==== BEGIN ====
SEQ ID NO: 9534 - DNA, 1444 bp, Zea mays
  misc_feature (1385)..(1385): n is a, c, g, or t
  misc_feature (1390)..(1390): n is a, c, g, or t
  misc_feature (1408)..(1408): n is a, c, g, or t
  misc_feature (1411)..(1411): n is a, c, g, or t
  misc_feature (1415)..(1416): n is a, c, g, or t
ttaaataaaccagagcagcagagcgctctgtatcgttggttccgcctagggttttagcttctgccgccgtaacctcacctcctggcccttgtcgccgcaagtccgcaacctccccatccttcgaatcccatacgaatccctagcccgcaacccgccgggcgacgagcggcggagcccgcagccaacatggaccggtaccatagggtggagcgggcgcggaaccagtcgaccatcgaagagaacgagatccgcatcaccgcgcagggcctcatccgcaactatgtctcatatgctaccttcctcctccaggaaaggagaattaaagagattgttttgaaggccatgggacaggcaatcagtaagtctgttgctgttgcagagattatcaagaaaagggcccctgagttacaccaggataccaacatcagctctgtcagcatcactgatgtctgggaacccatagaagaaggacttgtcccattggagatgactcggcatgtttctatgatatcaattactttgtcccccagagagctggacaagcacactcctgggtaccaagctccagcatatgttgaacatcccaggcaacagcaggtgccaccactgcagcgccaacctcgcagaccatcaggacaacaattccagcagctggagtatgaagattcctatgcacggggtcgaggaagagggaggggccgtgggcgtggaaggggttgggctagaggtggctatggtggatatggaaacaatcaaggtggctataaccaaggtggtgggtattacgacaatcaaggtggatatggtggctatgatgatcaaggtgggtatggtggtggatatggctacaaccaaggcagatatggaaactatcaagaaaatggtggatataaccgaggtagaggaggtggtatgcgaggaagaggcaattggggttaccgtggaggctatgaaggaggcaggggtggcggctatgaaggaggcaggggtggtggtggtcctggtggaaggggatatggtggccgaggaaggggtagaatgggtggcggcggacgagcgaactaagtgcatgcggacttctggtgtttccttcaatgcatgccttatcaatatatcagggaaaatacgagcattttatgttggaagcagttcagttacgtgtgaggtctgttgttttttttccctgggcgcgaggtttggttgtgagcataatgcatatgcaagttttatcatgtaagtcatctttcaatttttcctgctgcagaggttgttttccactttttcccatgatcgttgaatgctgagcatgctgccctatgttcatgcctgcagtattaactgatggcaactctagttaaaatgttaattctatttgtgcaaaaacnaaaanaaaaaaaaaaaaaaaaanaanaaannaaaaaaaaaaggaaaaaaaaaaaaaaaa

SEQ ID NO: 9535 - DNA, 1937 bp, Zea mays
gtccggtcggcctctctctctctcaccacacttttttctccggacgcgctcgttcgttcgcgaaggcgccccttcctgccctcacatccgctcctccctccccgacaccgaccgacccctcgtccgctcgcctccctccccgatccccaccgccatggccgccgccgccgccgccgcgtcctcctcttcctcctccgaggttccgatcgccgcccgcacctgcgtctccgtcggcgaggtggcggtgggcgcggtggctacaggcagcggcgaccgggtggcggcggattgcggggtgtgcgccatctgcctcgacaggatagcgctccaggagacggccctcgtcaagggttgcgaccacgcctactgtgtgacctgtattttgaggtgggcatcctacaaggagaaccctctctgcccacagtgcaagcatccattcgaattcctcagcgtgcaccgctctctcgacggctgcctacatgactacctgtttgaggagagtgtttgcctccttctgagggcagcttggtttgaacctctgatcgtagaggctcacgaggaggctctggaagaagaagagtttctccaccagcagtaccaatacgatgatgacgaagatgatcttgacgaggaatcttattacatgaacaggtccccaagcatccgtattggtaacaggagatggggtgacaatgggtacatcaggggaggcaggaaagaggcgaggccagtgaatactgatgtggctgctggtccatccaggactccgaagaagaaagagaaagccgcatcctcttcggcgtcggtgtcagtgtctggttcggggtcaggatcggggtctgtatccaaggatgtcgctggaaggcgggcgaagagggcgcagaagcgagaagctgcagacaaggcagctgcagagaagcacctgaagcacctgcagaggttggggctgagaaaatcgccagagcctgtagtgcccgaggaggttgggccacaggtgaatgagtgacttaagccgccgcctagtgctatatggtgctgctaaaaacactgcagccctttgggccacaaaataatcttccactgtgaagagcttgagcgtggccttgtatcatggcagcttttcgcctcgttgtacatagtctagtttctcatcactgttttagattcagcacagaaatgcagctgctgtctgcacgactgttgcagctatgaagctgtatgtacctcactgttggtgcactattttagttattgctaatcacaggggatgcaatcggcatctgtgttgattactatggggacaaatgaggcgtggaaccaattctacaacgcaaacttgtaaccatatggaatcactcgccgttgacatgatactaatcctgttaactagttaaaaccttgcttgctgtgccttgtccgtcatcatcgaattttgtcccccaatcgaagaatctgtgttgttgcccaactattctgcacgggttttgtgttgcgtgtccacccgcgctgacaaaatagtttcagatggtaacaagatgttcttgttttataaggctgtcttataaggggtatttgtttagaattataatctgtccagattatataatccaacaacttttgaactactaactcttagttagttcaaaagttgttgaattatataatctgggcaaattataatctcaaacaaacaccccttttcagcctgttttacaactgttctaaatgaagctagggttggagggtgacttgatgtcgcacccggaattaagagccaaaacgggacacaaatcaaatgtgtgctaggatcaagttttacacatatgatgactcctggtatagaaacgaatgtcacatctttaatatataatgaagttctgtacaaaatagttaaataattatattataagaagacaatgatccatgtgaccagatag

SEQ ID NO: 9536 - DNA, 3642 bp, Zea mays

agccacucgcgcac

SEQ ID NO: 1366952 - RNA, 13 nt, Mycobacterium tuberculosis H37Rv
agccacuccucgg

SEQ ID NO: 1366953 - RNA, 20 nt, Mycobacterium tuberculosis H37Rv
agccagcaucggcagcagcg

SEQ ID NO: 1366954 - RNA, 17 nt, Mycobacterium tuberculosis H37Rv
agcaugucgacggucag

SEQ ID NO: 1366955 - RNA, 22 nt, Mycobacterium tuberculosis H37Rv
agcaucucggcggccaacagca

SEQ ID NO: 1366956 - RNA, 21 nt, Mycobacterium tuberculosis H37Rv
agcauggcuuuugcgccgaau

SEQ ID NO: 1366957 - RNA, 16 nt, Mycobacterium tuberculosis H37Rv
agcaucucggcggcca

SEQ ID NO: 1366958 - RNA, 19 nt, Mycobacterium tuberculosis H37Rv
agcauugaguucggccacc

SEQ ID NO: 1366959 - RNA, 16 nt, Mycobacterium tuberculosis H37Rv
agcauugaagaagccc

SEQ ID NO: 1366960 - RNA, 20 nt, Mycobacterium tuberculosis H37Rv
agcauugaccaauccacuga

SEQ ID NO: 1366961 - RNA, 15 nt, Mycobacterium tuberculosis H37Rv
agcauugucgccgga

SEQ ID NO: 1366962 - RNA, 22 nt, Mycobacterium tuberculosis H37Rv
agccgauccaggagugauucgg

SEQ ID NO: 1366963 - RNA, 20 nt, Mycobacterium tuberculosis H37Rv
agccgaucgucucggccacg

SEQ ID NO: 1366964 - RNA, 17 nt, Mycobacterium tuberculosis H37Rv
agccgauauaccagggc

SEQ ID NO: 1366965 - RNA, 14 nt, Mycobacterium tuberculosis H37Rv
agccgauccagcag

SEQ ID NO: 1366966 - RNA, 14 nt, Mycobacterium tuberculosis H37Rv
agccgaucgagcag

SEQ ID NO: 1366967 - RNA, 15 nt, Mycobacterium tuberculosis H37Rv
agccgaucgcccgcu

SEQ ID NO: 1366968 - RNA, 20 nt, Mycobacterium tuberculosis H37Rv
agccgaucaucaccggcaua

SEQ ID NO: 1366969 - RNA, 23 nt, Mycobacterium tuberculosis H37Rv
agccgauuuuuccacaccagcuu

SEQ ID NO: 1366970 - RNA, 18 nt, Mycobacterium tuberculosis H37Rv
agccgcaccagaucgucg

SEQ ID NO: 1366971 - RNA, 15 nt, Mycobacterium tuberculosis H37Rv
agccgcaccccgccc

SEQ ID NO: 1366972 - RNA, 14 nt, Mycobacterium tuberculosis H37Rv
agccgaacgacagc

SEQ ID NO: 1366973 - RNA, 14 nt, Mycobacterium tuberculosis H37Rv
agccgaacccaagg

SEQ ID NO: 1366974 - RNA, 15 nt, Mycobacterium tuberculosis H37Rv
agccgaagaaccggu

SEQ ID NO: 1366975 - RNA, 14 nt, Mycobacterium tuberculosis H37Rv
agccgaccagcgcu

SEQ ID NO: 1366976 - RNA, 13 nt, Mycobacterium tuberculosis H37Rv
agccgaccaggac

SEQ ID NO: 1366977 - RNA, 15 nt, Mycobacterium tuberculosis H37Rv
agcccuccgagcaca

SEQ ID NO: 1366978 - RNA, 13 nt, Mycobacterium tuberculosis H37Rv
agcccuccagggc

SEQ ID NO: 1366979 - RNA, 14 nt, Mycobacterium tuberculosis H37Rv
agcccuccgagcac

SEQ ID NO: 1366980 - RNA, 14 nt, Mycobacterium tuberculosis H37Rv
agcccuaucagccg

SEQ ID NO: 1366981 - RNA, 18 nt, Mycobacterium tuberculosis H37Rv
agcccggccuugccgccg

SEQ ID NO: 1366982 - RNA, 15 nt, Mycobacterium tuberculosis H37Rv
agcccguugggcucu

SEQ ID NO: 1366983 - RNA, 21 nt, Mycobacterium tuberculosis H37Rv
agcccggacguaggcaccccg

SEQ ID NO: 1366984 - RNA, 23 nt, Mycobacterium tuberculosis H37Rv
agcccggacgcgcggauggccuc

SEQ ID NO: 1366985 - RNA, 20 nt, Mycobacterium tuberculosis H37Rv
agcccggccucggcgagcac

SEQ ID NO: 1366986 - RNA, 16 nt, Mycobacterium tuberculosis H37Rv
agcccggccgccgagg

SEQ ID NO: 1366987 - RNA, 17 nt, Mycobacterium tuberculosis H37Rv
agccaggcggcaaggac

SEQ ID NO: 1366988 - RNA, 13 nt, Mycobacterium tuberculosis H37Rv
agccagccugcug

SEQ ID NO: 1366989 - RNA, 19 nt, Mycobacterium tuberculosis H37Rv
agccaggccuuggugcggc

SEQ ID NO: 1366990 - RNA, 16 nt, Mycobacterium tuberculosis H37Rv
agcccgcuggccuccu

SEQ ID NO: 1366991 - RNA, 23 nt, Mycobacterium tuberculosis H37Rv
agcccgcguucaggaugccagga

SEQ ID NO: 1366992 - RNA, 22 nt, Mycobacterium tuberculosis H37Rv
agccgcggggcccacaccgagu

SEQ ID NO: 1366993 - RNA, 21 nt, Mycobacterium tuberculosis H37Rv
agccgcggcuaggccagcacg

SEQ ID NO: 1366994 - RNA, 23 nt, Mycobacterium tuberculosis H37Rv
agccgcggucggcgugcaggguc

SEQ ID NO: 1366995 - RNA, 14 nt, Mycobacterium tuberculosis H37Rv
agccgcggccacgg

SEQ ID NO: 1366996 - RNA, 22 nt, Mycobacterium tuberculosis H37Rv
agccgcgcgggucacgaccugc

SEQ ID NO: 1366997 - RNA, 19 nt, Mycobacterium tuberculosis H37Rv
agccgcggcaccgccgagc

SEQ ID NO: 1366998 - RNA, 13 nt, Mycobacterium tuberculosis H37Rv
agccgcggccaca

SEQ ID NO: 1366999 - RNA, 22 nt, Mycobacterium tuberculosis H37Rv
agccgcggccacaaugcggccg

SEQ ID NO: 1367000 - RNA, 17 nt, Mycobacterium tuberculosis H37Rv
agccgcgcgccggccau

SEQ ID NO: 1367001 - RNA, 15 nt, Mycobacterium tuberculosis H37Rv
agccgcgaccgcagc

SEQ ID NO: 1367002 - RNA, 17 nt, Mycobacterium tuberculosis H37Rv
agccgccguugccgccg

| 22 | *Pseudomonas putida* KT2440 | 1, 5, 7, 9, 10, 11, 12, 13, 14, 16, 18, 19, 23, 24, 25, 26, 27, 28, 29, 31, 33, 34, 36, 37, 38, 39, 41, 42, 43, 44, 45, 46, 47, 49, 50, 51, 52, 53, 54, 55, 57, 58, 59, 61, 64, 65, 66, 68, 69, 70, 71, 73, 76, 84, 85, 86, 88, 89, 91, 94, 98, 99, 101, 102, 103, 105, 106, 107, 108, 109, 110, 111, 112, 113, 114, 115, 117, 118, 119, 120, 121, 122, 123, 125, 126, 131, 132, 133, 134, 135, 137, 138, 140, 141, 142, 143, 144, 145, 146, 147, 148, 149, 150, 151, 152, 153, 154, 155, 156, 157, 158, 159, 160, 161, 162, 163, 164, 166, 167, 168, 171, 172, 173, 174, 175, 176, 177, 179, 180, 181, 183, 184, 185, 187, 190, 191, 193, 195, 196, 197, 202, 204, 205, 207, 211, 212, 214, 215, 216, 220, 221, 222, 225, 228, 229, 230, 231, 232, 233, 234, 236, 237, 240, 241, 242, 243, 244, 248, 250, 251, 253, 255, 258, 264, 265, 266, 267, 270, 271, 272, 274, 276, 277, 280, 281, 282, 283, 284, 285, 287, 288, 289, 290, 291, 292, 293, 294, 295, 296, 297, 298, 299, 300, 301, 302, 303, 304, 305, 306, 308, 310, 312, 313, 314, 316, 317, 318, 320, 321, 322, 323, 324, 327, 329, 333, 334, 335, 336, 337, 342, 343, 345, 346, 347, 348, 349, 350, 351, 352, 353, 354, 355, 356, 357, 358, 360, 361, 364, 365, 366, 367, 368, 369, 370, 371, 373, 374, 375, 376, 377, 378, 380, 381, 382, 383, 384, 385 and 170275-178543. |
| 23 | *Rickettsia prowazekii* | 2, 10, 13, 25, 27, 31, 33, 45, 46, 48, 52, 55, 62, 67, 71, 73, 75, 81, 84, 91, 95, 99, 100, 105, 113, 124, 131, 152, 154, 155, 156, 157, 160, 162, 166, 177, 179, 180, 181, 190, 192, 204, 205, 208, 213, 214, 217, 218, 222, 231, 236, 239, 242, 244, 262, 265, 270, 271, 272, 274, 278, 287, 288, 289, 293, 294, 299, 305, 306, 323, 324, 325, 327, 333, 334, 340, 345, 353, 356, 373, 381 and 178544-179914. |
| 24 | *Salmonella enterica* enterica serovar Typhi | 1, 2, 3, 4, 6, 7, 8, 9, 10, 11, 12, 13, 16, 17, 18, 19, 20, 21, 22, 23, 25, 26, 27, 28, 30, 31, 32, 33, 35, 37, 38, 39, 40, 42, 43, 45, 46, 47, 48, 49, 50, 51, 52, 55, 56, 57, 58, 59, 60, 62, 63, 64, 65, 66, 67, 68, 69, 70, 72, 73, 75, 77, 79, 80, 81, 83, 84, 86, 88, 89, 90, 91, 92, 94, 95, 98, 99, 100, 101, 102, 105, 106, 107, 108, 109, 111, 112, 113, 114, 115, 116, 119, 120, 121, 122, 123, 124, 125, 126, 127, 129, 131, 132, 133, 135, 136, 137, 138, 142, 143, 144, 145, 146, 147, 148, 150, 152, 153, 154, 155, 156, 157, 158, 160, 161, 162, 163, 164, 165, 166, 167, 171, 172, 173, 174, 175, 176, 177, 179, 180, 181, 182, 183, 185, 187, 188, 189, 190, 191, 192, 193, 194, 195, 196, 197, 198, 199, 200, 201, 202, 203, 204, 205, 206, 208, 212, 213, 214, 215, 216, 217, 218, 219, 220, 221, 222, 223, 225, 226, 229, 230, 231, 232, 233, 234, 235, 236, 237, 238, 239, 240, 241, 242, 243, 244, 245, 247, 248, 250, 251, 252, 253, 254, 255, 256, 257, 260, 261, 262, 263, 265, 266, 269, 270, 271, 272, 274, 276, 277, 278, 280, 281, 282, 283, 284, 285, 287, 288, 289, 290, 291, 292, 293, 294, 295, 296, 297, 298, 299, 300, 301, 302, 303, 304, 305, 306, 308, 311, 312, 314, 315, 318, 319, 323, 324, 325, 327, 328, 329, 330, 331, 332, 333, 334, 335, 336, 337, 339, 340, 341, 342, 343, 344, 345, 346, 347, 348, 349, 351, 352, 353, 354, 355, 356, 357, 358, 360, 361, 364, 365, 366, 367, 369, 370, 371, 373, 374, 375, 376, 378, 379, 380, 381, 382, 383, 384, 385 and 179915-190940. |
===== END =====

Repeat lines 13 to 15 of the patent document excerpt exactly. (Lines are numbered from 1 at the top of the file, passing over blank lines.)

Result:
agccacuccucgg

SEQ ID NO: 1366953 - RNA, 20 nt, Mycobacterium tuberculosis H37Rv
agccagcaucggcagcagcg